In its appeal of 23 April, GICJ also informed the UN High Commissioner that military forces had used live ammunition, tanks and helicopters against protesters and that they had attacked the wounded. New details have come to light regarding the violent nature of tactics used by military forces. Aside from firing indiscriminately at protesters, forces also hosed them down with extremely hot water, causing burns and death.

Execution of wounded protesters

Various testimonies have also confirmed that military forces, in particular SWAT members, executed protesters that had been wounded. High ranking officials of the 12th Division of the Iraqi Army who were present alongside SWAT forces at al-Hawija have themselves confirmed that SWAT forces executed many wounded  and ran over protesters with their trucks.

Raken Sayd, Deputy Governor of Kirkuk has also stated that many people were executed after having been arrested.  Medical examiners confirm accusations that both those injured and arrested were executed. Examination of several bodies showed that some of them had been arrested while wounded and executed while on the ground. Reports from Azadi General Hospital, where 34 bodies of persons that had been arrested during the attack were transferred showed, upon medical examination, that many had been executed, with a gunshot to the head, after having been previously wounded.

What occurred on 23 April at Hawija was a planned and carefully premeditated massacre by Prime Minister Maliki and his government, and therefore constitutes a crime against humanity. Military officials had indeed been given orders to storm the demonstrator’s camp before any genuine negotiations could be carried out. Officials had a mission to kill and nothing would have changed that. Claims that demonstrators were armed and fired at security forces were false and unfounded.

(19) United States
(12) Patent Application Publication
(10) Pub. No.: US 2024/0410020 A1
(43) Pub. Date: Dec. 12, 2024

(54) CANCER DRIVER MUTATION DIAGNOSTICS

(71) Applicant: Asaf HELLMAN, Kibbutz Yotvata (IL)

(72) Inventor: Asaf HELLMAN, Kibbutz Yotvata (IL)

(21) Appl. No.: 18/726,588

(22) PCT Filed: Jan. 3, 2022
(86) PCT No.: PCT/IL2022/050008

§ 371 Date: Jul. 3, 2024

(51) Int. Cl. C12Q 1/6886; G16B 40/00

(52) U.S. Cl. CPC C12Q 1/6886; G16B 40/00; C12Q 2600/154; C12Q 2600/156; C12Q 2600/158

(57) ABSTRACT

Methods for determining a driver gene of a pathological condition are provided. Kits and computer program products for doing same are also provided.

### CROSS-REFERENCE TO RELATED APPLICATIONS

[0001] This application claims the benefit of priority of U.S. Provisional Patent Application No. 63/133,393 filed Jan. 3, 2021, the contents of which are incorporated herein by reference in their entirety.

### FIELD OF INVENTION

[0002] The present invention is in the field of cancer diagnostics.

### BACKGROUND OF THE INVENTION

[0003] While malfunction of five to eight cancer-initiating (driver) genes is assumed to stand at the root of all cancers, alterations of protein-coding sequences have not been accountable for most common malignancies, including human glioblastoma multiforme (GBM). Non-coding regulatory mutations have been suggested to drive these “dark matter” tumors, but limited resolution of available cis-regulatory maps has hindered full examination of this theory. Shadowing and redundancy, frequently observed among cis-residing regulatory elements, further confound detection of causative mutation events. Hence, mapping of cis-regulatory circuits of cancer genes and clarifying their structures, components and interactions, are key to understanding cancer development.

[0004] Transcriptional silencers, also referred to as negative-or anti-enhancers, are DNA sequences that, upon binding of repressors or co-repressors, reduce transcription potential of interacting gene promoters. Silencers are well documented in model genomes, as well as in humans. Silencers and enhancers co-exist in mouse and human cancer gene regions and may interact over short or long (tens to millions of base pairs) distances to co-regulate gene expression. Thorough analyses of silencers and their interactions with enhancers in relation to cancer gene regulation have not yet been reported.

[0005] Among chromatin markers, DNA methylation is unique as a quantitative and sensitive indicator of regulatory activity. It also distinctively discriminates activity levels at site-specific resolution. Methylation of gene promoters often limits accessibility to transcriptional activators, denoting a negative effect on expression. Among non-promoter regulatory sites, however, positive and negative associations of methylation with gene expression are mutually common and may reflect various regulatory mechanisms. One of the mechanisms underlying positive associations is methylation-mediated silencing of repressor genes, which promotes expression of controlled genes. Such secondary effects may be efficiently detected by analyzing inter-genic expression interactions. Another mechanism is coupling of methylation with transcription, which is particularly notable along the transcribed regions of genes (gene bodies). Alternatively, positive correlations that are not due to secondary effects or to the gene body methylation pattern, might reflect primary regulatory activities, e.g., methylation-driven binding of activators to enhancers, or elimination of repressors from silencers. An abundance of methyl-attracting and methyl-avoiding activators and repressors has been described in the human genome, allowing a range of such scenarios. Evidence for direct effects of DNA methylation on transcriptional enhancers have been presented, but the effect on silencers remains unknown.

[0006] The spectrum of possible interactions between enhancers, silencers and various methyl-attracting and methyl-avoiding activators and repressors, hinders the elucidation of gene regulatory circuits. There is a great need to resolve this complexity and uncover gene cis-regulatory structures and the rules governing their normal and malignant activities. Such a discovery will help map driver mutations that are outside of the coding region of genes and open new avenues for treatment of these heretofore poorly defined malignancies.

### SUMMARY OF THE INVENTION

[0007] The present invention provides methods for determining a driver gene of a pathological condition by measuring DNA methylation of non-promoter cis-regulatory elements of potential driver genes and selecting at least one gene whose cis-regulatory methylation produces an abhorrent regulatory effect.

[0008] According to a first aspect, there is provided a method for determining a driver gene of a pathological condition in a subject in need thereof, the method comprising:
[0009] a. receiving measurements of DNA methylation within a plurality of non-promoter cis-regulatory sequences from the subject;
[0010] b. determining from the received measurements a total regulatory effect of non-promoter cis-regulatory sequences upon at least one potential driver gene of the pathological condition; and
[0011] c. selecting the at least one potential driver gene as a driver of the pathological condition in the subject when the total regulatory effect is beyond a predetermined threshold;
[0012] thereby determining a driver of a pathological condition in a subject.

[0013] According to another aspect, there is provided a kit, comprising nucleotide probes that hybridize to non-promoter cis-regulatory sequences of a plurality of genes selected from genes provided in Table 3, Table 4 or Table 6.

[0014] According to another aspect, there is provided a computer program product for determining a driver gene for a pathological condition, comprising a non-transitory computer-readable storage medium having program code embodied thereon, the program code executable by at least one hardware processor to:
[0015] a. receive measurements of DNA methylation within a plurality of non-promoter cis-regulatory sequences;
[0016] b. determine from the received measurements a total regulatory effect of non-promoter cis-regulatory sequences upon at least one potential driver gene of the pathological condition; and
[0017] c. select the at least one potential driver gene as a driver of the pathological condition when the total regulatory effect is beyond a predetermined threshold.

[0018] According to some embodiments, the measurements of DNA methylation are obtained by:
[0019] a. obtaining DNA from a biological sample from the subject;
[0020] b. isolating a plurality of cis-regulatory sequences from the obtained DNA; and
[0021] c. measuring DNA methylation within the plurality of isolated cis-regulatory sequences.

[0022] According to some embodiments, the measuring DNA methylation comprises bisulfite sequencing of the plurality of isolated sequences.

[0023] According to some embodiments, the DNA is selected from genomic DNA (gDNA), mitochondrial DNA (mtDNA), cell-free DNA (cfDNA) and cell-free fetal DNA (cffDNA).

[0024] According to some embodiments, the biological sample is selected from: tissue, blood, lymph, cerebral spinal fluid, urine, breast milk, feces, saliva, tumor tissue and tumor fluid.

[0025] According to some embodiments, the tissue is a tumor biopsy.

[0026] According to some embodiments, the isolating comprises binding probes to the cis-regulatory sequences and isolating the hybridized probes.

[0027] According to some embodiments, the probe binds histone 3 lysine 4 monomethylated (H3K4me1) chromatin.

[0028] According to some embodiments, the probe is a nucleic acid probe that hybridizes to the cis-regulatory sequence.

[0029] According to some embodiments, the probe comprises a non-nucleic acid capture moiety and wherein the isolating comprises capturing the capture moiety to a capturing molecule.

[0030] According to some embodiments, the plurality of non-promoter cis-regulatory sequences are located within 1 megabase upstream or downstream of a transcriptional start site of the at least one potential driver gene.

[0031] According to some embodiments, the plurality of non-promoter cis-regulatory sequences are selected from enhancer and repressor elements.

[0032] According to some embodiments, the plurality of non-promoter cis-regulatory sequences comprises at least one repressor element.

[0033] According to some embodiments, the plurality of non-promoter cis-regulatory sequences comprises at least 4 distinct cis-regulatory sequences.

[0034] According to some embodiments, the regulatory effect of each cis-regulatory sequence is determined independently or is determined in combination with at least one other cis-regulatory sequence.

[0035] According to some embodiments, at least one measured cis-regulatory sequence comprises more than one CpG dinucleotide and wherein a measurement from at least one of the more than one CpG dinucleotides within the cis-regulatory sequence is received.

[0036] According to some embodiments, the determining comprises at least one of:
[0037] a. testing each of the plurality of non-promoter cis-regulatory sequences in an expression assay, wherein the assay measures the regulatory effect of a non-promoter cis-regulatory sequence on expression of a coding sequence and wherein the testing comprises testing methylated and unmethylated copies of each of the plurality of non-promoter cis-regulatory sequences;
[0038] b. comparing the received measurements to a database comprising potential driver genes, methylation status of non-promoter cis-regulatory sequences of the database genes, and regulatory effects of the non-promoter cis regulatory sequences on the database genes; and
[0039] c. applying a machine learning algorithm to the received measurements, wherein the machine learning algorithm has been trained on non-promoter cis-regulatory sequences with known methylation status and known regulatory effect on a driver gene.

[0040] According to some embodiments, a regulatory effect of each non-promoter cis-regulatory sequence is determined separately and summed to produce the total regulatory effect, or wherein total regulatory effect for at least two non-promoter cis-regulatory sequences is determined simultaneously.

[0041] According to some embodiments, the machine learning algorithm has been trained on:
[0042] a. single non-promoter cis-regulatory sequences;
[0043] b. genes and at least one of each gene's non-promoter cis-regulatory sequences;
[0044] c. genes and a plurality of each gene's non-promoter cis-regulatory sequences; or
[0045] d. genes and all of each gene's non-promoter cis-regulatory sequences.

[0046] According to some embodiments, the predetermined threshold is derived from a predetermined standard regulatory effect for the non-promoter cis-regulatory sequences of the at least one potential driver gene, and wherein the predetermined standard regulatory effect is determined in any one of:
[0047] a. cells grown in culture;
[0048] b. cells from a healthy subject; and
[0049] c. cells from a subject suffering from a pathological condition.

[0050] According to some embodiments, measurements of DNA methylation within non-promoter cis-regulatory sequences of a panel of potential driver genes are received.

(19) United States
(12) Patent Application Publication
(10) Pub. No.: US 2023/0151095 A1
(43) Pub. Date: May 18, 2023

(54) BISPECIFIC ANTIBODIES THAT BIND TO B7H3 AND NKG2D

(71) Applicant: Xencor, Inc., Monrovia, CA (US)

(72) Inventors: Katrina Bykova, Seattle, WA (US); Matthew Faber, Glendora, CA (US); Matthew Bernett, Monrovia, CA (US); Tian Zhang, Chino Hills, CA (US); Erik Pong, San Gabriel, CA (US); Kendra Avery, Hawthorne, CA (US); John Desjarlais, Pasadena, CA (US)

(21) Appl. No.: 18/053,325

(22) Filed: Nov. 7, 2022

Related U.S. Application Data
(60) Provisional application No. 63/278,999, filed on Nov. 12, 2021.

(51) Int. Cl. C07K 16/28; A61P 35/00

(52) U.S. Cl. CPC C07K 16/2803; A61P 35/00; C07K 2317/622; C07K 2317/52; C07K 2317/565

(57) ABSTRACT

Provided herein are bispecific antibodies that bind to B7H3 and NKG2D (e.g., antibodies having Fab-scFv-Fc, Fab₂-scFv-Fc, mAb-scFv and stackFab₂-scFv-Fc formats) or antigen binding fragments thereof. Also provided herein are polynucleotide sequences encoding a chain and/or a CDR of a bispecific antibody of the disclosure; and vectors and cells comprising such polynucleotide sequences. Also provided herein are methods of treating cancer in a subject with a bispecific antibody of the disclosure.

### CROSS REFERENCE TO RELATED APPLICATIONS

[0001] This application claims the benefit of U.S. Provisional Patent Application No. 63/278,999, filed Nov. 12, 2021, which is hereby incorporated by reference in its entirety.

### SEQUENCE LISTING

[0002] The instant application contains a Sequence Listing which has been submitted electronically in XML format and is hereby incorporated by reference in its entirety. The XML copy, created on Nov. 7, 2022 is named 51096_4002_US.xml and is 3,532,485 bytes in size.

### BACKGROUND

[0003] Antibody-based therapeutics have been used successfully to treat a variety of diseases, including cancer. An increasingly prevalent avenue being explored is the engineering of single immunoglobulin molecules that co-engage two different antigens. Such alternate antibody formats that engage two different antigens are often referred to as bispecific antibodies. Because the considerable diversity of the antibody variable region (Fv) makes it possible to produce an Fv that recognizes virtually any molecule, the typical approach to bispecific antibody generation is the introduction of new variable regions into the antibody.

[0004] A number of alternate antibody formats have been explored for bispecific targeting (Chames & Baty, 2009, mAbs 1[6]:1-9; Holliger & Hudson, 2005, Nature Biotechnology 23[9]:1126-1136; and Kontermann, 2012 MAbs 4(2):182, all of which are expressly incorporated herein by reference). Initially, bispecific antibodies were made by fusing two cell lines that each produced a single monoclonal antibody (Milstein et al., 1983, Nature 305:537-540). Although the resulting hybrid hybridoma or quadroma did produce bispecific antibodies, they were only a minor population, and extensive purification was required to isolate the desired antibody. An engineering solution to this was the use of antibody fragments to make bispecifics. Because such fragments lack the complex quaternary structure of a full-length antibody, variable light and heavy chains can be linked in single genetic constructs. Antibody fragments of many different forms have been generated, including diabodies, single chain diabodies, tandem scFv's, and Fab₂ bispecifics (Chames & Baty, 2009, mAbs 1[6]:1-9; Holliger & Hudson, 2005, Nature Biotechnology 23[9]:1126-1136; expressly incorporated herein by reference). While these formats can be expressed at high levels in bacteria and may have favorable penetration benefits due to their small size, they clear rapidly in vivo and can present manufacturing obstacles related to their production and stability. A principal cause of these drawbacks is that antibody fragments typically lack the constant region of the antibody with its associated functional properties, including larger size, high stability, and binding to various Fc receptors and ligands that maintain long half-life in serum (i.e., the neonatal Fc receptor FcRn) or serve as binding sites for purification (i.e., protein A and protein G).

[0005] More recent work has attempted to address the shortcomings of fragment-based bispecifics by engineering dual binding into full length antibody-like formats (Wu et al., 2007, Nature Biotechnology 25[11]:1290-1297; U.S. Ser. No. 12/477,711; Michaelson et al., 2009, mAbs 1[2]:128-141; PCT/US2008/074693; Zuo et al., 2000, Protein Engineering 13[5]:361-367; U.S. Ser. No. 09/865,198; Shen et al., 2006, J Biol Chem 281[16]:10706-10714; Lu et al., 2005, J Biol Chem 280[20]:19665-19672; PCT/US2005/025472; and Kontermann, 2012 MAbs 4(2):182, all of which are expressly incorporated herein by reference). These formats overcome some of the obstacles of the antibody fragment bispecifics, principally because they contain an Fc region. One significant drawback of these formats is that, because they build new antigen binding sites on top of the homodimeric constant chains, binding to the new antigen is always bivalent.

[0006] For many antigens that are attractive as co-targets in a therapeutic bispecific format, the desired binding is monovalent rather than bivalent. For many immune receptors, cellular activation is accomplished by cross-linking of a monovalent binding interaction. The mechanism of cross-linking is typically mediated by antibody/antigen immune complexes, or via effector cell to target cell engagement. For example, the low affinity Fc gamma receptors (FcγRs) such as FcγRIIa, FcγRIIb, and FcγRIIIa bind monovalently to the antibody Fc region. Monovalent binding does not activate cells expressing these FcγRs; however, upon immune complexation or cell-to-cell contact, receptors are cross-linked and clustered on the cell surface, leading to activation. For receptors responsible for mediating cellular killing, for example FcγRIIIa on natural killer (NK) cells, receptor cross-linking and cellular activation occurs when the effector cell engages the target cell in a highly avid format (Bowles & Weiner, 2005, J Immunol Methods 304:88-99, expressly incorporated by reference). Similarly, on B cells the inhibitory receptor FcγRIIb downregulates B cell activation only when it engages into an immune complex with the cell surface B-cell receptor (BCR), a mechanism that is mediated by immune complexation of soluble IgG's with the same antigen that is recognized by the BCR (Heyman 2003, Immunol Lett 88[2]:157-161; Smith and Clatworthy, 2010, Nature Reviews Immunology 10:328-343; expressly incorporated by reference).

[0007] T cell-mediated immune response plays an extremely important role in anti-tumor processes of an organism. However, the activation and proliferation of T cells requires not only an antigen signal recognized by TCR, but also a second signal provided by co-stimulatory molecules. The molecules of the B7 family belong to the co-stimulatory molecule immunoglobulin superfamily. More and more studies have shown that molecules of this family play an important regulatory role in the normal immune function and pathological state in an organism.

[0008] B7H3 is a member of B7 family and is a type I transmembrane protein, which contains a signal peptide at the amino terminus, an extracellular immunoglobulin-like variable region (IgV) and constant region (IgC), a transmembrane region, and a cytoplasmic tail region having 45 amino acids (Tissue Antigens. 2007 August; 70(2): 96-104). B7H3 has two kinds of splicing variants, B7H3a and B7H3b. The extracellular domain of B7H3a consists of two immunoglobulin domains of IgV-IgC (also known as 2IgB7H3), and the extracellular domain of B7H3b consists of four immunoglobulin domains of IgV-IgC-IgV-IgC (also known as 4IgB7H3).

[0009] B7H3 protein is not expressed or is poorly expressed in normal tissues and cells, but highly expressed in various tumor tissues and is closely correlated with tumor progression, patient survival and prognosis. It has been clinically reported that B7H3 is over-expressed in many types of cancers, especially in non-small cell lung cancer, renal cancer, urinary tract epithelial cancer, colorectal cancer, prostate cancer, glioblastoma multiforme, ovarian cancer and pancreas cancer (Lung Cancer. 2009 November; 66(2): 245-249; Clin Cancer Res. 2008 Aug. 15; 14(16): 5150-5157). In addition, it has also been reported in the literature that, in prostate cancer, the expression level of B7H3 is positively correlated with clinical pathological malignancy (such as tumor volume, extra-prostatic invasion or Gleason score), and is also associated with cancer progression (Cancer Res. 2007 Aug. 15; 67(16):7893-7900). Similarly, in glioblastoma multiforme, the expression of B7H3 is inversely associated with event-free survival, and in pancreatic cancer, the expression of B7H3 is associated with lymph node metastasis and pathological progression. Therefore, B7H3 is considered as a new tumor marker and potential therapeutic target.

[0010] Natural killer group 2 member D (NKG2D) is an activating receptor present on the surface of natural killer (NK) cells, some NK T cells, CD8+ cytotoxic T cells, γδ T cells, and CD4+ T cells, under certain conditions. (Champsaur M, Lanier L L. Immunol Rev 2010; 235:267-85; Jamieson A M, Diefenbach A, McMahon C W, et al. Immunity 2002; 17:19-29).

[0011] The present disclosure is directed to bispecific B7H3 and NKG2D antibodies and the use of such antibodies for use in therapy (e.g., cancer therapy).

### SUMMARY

Maliki, his government and his military officers committed grave violations of human rights and international law including laws against summary and arbitrary executions and the right to life; freedom from torture and inhumane and degrading treatment or punishment and freedom of peaceful assembly and of association.

This act of state terrorism and inhumanity cannot go unpunished. Maliki and all those who participated in the Hawija massacre must be brought to justice. A message must be sent to Maliki that he will no longer be allowed to kill at will with impunity.

GICJ reiterated its condemnation of the slaughter of innocent protesters and once again urged the High Commissioner to take action to ensure that it does not happen again elsewhere.

GICJ requested once again that an independent international mission be immediately established to thoroughly investigate the current attack in Hawija and all previous attacks against peaceful demonstrators exercising and asking for their fundamental rights.

GICJ further requested the Special Rapporteur on extrajudicial, summary or arbitrary executions to conduct an in-depth investigation into the arbitrary killing of the 60 demonstrators at Hawija and all those killed during previous demonstrations.

GICJ called on the Special Rapporteur on freedom of peaceful assembly and association to uptake the case of threats, intimidation and attacks on peaceful demonstrators in Iraq, as this falls directly under his mandate.

Finally, GICJ requested that a Special Rapporteur on the human rights situation in Iraq be appointed and that a special session on Iraq be held.